- Nonspecific symptoms: NCC should be included in the differential diagnosis of nonspecific neurological symptoms such as seizures, headache, and paresis, especially in children from endemic regions.
- Fundoscopic examination: This may provide evidence of subretinal cysticercus. This finding plus evidence of intracranial hypertension confirm the diagnosis of NCC (32).
- Calcified cysts: These may be seen in plain X-rays of skull and muscles (30)
Multiple calcified cysts in Plain X-Rays (a single lesion is circled in black). Images courtesy of Dr. Supradip Ghosh, Department of Critical Care Medicine at Fortis Escorts Hospital, Faridabad, India
- Calcifications are best detected by CAT scan: CAT is a good method for detecting cerebral cysticercosis at different stages of evolution. In the active stage, the cyst may be asymptomatic and appear as a rounded lesion, calcified or not, with or without visible scolex. Different forms may appear simultaneously, which is the evidence of several successive infestations (34).
CAT scan of calcified NCC cysts. Multiple calcified NCC cysts detected by CAT scan.
- Viable larvae with scolex are seen in the vesicular phase: These lesions can appear as small and round cysts, close to the white–gray matter interface, with T1 and T2 appearances similar to that of CSF. They may also present as large cysts that continue to grow despite the absorption of the larvae (33,34,44). Vesicular cysts may be uncountable due to the large number of lesions.
MRI and CAT scans of stages of NCC. Vesicular with a living larva (A); colloidal with a degenerated larva (B); “granulonodular” with a thickened cyst membrane (C); calcification, the final stage (D).
- Scolex visualization – The “hole-with-dot” sign is pathognomonic: The scolex may present as an eccentric or mural nodule, hyperintense in T1 and hypointense in T2 images (2,11,33,34,44). Occasionally, the scolex can be seen as a hyperintense dot within the cyst (2,30,33).
Axial non contrast-enhanced T1 weighted MRI of scolex. Scolex presense is seen on imaging as the “hole-with-dot” sign.
- Cyst degeneration: As the cysts degenerate, they can be seen as hyperintense images in both T1 and T2 sequences. The liquid becomes turbid, and the capsule shrinks and thickens. Peripheral edema is more evident, and most lesions show a well-defined ring enhancement. Fluid-attenuated inversion recovery (FLAIR) sequences are particularly helpful for identifying associated edema and the scolex (11,33,34,44).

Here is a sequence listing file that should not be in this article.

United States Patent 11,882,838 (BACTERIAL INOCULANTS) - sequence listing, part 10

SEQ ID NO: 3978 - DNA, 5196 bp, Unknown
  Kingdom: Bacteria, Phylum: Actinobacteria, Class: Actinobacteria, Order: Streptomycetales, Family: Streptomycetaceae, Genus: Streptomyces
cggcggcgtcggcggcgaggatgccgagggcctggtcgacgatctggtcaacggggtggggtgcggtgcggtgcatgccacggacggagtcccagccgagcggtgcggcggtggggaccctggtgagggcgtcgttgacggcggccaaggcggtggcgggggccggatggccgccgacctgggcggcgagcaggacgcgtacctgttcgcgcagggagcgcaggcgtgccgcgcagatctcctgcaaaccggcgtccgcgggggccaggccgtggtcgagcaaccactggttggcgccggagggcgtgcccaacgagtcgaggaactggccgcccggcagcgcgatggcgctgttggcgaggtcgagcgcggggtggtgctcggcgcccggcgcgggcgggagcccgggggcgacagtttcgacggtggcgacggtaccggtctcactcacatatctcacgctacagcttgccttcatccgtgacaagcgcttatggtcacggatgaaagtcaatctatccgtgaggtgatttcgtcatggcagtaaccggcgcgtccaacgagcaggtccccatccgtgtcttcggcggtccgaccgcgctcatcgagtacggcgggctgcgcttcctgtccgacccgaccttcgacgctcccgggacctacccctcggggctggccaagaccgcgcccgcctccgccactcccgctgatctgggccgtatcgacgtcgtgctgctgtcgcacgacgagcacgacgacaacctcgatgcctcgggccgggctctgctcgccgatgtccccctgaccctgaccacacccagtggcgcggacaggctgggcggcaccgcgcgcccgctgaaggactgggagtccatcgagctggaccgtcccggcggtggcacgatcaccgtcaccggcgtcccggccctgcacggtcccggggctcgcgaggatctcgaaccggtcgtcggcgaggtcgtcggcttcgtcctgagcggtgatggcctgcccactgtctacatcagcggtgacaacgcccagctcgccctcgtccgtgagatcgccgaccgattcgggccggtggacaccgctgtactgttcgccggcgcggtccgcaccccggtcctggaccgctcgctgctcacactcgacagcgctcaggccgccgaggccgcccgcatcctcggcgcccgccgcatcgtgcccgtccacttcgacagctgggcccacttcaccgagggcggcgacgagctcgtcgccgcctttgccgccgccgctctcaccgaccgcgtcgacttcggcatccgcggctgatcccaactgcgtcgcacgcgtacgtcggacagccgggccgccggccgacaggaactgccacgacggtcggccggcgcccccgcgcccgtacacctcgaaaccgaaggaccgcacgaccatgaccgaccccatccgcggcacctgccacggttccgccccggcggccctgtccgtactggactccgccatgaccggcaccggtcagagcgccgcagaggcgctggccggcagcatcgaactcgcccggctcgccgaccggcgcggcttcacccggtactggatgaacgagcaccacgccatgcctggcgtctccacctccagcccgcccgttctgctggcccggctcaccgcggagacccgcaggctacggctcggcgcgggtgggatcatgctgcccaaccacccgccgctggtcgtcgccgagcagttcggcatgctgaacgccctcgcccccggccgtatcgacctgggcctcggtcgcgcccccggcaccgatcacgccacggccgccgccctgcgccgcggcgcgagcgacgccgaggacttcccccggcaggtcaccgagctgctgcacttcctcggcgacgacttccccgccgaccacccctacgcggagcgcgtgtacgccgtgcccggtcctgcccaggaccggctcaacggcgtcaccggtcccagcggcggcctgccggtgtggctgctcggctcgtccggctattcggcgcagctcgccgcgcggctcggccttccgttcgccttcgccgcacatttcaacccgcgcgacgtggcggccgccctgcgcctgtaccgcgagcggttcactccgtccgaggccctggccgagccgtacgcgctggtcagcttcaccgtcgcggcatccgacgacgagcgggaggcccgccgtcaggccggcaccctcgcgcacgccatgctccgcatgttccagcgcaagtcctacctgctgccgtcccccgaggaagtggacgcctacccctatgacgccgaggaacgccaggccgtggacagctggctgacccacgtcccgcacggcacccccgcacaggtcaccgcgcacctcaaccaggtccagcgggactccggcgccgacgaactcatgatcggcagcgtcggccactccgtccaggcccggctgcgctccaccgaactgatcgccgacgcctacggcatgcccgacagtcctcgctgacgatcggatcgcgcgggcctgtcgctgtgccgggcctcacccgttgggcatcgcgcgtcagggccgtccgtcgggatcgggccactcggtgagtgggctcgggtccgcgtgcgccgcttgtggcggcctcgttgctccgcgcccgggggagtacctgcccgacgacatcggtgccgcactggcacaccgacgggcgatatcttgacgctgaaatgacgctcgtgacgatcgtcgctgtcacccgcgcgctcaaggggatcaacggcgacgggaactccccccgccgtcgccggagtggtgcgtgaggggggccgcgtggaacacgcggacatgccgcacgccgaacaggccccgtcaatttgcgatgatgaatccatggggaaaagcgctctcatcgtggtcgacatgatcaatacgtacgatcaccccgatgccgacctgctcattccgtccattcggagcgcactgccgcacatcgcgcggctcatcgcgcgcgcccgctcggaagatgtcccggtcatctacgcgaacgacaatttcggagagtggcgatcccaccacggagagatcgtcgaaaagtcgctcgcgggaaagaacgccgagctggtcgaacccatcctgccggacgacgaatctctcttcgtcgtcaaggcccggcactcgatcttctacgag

Enhanced T1 weighted coronal MRI showing degenerative cyst stage. Coronal contrast-enhanced T1 weighted MRI showing the cyst degeneration phase.
- Ventricular system is the second most common location: The fourth ventricle is the most affected. It is often difficult to differentiate the cyst within the ventricle from CSF because they have the same density or intensity as CSF.
Axial contrast-enhanced T1 weighted MRI of ventricular cyst. This image shows cyst inside the left lateral ventricle (white arrow).
- Racemose cysticercosis: Cysticercosis occurring in the extraparenchymal CSF spaces is a form with poor prognosis that affects the subarachnoid space, basal cisterns, and ventricles. Its characteristics are abnormal growth of cystic membranes with degeneration of the parasite’s head or scolex.
Images of racemose cysticercosis. Sagittal contrast-enhanced MRI (A). Axial contrast CAT ventriculography (B)
- Subarachnoid space, cisterns, and cerebral sulci are site of the parasites in 3.5% of the cases (33): CSF pathway obliteration may be due to a direct mass effect on the CSF pathways, inflammatory reaction, or both (4,5,33,34).
- EITB assay: This is the most reliable serological test for NCC. This test uses lentil lectin-purified glycoprotein antigens to detect antibodies to T. solium. For the testing, serum rather than CSF is recommended.
- EITB sensitivity is ~98%: When a patient has two or more live parasites in the nervous system, EITB has a probability of being positive approximately 98% of the time. A major weakness of EITB is its low sensitivity (50–60%) in patients with SCG (45,46).